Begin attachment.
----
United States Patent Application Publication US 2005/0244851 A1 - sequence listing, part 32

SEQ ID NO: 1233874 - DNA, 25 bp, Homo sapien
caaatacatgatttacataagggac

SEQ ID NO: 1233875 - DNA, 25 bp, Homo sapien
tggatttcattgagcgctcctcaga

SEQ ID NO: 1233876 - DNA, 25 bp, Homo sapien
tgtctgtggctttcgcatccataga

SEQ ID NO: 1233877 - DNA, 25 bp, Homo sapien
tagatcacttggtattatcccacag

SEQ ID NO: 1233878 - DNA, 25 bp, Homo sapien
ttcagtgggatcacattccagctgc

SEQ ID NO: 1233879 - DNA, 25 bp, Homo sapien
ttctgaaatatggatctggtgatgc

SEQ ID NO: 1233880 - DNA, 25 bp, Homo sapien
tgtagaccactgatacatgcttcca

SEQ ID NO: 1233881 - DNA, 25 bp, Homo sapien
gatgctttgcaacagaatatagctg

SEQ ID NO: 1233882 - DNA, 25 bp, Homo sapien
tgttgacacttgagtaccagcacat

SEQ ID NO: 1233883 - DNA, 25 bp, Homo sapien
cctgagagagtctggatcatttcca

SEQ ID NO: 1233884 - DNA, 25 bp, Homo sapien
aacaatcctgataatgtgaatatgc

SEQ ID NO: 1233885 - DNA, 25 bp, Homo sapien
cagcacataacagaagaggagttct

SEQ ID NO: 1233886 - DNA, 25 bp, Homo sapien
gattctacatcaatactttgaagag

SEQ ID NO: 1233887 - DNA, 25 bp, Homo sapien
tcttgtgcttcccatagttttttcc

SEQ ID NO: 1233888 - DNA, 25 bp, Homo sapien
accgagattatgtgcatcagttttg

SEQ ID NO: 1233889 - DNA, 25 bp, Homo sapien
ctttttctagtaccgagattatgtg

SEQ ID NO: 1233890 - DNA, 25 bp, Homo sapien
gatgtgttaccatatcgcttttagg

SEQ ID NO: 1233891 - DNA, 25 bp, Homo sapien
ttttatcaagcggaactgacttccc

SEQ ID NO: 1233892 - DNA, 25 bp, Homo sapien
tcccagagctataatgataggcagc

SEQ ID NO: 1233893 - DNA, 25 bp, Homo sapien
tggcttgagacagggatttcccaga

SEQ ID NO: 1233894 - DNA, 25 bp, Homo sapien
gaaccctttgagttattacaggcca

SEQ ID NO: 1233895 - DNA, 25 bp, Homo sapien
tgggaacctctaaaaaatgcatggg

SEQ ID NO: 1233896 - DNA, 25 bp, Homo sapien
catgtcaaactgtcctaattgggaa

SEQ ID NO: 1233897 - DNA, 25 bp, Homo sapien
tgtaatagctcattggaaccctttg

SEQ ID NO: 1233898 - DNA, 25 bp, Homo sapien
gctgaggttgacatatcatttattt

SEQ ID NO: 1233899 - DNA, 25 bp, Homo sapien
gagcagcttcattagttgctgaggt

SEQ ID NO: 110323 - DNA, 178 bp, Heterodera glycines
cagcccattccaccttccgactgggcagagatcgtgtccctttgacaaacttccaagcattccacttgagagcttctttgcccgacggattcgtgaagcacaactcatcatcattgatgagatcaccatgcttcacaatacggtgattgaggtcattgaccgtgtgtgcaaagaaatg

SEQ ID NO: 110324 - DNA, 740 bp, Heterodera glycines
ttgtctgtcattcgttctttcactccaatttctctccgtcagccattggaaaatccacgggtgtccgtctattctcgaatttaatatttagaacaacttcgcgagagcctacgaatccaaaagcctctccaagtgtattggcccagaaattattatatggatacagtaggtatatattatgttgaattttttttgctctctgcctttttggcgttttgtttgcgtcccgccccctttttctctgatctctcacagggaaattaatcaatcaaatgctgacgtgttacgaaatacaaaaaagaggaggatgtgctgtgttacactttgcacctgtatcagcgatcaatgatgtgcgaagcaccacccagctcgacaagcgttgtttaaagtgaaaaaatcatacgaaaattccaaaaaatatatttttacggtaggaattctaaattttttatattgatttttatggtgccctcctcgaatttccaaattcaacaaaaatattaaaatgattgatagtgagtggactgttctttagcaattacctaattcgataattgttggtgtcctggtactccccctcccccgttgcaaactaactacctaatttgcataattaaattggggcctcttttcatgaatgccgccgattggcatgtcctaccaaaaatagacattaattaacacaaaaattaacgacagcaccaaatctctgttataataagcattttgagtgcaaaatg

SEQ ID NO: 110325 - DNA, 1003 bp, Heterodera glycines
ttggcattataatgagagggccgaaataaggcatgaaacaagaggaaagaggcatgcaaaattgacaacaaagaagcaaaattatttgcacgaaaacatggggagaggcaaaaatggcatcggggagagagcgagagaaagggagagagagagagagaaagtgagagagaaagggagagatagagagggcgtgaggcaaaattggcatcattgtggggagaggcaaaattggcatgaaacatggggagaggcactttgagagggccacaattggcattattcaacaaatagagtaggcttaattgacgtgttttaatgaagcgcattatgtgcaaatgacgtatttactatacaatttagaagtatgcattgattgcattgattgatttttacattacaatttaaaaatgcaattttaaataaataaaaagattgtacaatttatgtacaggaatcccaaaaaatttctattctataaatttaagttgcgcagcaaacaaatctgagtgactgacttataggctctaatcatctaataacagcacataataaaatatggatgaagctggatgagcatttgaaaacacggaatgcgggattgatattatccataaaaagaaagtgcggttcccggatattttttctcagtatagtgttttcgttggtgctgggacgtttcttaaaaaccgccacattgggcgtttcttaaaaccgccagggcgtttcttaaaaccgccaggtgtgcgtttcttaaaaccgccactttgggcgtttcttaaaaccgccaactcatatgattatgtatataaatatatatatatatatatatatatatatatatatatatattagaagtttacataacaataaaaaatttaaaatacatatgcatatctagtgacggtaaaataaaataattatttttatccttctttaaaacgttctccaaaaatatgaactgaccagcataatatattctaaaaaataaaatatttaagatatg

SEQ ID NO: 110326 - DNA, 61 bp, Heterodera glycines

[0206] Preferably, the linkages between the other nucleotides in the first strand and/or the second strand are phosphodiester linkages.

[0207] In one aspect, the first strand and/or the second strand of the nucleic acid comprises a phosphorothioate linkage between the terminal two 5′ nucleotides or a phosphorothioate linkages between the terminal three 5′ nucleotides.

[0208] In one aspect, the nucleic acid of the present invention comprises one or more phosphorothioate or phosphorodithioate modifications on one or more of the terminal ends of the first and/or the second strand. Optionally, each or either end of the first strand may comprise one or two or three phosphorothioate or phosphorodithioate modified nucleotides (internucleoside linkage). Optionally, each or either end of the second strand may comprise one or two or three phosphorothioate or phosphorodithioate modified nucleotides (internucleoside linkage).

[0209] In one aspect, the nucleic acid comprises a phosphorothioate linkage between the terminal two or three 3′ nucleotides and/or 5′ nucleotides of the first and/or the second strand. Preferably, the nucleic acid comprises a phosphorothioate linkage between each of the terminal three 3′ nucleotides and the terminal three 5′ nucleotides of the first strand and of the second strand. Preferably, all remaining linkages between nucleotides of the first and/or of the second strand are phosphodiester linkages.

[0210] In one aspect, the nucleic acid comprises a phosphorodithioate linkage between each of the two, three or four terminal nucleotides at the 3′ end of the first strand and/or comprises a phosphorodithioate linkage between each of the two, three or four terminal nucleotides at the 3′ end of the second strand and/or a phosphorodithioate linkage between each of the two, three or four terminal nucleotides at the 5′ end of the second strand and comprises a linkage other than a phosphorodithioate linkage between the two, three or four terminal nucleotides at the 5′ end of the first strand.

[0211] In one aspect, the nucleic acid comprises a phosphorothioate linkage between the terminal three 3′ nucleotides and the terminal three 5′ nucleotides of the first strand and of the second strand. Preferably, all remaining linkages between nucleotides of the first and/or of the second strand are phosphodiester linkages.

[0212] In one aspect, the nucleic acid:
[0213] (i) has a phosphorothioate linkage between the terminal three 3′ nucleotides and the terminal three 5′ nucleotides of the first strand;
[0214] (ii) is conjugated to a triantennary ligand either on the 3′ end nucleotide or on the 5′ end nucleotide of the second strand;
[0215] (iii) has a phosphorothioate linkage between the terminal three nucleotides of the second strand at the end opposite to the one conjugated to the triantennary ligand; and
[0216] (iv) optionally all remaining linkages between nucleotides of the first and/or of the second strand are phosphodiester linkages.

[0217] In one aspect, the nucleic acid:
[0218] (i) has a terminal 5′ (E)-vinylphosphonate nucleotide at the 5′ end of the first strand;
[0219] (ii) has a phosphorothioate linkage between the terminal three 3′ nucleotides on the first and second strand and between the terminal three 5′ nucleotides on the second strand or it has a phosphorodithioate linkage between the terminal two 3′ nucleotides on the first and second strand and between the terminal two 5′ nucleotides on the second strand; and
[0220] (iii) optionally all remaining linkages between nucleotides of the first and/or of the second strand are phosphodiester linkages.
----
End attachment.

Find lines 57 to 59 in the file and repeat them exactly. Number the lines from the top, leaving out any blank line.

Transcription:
ttgtctgtcattcgttctttcactccaatttctctccgtcagccattggaaaatccacgggtgtccgtctattctcgaatttaatatttagaacaacttcgcgagagcctacgaatccaaaagcctctccaagtgtattggcccagaaattattatatggatacagtaggtatatattatgttgaattttttttgctctctgcctttttggcgttttgtttgcgtcccgccccctttttctctgatctctcacagggaaattaatcaatcaaatgctgacgtgttacgaaatacaaaaaagaggaggatgtgctgtgttacactttgcacctgtatcagcgatcaatgatgtgcgaagcaccacccagctcgacaagcgttgtttaaagtgaaaaaatcatacgaaaattccaaaaaatatatttttacggtaggaattctaaattttttatattgatttttatggtgccctcctcgaatttccaaattcaacaaaaatattaaaatgattgatagtgagtggactgttctttagcaattacctaattcgataattgttggtgtcctggtactccccctcccccgttgcaaactaactacctaatttgcataattaaattggggcctcttttcatgaatgccgccgattggcatgtcctaccaaaaatagacattaattaacacaaaaattaacgacagcaccaaatctctgttataataagcattttgagtgcaaaatg

SEQ ID NO: 110325 - DNA, 1003 bp, Heterodera glycines
ttggcattataatgagagggccgaaataaggcatgaaacaagaggaaagaggcatgcaaaattgacaacaaagaagcaaaattatttgcacgaaaacatggggagaggcaaaaatggcatcggggagagagcgagagaaagggagagagagagagagaaagtgagagagaaagggagagatagagagggcgtgaggcaaaattggcatcattgtggggagaggcaaaattggcatgaaacatggggagaggcactttgagagggccacaattggcattattcaacaaatagagtaggcttaattgacgtgttttaatgaagcgcattatgtgcaaatgacgtatttactatacaatttagaagtatgcattgattgcattgattgatttttacattacaatttaaaaatgcaattttaaataaataaaaagattgtacaatttatgtacaggaatcccaaaaaatttctattctataaatttaagttgcgcagcaaacaaatctgagtgactgacttataggctctaatcatctaataacagcacataataaaatatggatgaagctggatgagcatttgaaaacacggaatgcgggattgatattatccataaaaagaaagtgcggttcccggatattttttctcagtatagtgttttcgttggtgctgggacgtttcttaaaaaccgccacattgggcgtttcttaaaaccgccagggcgtttcttaaaaccgccaggtgtgcgtttcttaaaaccgccactttgggcgtttcttaaaaccgccaactcatatgattatgtatataaatatatatatatatatatatatatatatatatatatatattagaagtttacataacaataaaaaatttaaaatacatatgcatatctagtgacggtaaaataaaataattatttttatccttctttaaaacgttctccaaaaatatgaactgaccagcataatatattctaaaaaataaaatatttaagatatg